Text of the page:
He’d clearly enjoyed a privileged upbringing and I remember thinking his ascent to Formula 1, which looked inevitable, would be far less arduous than his father’s. So it would prove.

But still, Rosberg Jr earned his place on merit, simply because he was good enough, and since the promise of his debut, with Williams in 2006, he’s been forced to toil in largely uncompetitive cars. Consider too that racing drivers compete to win, and that until Shanghai Nico hadn’t stood on the top step of a podium since his inal GP2 race way back in 2005. Seven years. That’s an awful long time for a racing driver to wait. No one can say he’s had it easy since his graduation to F1.

Credit too must go to Mercedes-Benz. Honda, Toyota, Renault, BMW – they all quit F1 as times got tough, but the three-pointed star has been a constant presence in F1 for nearly 20 years now. A breakthrough victory as a standalone works team is some reward for that commitment. Mercedes plays a huge role in F1, not least because it appears to be a single dissenting voice to the terms of the new Concorde Agreement. It’s an F1 powerhouse, and now it has a quick car to relect that.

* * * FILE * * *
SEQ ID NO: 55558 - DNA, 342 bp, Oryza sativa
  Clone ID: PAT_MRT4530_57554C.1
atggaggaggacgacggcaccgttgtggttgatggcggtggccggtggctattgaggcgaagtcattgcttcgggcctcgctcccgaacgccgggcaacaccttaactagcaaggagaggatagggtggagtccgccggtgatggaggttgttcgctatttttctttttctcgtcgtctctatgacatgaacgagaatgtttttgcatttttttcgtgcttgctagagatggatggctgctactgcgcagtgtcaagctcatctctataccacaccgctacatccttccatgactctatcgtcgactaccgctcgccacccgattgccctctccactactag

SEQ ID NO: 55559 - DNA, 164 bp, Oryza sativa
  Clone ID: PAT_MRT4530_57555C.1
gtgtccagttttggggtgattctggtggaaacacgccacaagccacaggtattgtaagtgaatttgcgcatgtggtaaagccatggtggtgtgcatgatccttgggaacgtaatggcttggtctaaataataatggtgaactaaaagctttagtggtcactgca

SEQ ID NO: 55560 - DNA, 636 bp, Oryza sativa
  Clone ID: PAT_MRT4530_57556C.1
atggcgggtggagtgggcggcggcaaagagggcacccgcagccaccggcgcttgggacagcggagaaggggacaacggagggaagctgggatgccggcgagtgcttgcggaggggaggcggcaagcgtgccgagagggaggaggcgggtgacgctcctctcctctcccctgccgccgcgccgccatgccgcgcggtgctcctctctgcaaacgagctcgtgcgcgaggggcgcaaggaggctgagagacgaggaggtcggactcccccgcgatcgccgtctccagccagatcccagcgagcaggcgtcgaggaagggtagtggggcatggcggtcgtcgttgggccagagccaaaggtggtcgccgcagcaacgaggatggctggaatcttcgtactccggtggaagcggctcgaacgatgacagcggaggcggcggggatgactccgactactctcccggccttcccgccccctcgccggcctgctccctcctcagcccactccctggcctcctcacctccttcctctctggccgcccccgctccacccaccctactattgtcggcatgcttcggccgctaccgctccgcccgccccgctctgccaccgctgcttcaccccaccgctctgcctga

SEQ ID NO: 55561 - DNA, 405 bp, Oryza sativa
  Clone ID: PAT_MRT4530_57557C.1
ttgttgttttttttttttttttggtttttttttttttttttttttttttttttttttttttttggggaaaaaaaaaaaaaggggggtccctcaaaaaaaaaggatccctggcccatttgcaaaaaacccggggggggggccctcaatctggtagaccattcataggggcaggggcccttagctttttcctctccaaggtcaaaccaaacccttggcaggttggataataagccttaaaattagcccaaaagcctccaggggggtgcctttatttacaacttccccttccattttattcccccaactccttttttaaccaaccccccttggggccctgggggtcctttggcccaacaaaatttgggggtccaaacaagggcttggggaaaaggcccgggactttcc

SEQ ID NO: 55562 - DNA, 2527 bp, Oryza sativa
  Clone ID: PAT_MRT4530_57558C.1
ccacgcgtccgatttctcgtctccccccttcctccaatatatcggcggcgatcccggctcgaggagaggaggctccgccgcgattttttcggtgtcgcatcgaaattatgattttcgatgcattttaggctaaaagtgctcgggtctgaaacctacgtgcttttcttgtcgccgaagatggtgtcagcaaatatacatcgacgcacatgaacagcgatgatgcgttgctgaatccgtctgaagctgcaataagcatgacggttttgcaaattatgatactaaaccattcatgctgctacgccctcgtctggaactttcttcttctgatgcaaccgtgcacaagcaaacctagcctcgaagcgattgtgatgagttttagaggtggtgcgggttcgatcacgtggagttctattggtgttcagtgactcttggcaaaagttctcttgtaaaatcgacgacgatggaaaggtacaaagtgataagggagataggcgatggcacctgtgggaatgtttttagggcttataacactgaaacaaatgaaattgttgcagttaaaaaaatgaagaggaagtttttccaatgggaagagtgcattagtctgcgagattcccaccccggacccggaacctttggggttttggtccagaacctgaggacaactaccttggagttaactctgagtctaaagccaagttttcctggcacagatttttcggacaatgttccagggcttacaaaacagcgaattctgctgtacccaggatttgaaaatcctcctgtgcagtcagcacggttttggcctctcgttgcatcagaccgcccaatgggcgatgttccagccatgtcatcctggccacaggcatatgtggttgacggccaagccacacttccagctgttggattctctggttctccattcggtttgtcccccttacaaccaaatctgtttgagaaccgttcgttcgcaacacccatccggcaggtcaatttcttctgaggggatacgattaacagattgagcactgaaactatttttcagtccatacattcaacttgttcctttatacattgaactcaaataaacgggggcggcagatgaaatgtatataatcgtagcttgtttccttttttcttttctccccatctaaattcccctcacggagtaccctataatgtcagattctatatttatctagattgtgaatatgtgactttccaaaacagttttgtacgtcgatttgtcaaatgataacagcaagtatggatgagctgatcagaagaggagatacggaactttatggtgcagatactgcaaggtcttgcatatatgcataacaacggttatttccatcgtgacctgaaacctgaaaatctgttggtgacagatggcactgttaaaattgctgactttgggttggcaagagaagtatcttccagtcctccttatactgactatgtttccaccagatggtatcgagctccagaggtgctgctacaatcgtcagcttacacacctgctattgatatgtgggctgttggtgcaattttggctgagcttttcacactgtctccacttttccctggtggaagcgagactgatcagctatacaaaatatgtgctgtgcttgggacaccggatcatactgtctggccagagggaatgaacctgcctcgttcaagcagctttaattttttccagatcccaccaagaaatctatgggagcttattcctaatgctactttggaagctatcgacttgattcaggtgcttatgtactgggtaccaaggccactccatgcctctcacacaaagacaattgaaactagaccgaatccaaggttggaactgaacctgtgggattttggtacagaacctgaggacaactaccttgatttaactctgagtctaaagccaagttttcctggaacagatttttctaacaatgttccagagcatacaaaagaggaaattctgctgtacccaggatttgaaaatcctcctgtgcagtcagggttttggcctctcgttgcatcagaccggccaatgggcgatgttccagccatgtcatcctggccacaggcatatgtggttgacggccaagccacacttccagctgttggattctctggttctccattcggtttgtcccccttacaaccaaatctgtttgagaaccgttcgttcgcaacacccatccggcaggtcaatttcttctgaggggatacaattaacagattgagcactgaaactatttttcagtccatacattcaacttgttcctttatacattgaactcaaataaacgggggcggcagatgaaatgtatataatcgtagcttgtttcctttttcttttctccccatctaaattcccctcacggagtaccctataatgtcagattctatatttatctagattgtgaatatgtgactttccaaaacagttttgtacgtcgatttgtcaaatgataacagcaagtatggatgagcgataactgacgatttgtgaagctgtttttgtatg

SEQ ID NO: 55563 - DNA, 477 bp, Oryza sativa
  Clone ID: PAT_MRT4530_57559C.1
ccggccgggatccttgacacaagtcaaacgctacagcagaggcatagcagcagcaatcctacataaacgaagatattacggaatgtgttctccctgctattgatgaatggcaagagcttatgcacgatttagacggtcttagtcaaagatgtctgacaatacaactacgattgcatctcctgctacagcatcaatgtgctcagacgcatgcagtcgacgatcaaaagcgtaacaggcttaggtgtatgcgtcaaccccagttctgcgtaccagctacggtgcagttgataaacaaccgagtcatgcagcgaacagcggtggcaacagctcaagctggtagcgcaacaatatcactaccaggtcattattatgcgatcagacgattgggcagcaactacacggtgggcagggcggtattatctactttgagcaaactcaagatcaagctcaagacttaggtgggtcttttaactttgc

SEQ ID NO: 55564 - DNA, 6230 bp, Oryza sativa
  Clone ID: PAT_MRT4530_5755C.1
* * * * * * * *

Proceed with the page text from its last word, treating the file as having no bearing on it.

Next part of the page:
As for its ‘Double DRS’ wing that has divided opinion in the paddock (see p15), well, that’s exactly what great F1 teams should do.

Clever stuff. It’s helped give the team an edge, although exactly how much remains to be seen. Now it has been declared legal once and for all, its rivals must react and how well they do so is likely to be a factor in the outcome of the 2012 World Championship. F1 is so much more than a battle between drivers – which is just as it should be.

Like the best racing teams, here at Motor Sport we’re never afraid to try something different and this month we’ve experimented with a novel approach to our front page. ‘Art’ has graced the cover before, of course. Remember Gordon Murray’s sketch showing his prediction of the F1 car of the future back in 2000? Then there was the portrait of new Lotus recruit Dave Walker that was used in January 1972, commissioned by proprietor Wesley J Tee as the Australian’s prize for winning the Motor Sport-backed F3 Championship.

Bizarre, even by this magazine’s often puzzling standards. This month, to illustrate the duel between Jimmy Clark and Graham Hill for the 1962 F1 World Championship – half a century ago – we commissioned Guy Allen to come up with something special. As Ron Howard told Ed Foster on the set of his Rush movie (p122), a degree of creative licence is sometimes unavoidable, but we think Guy has captured the spirit of that pivotal F1 season 50 years ago.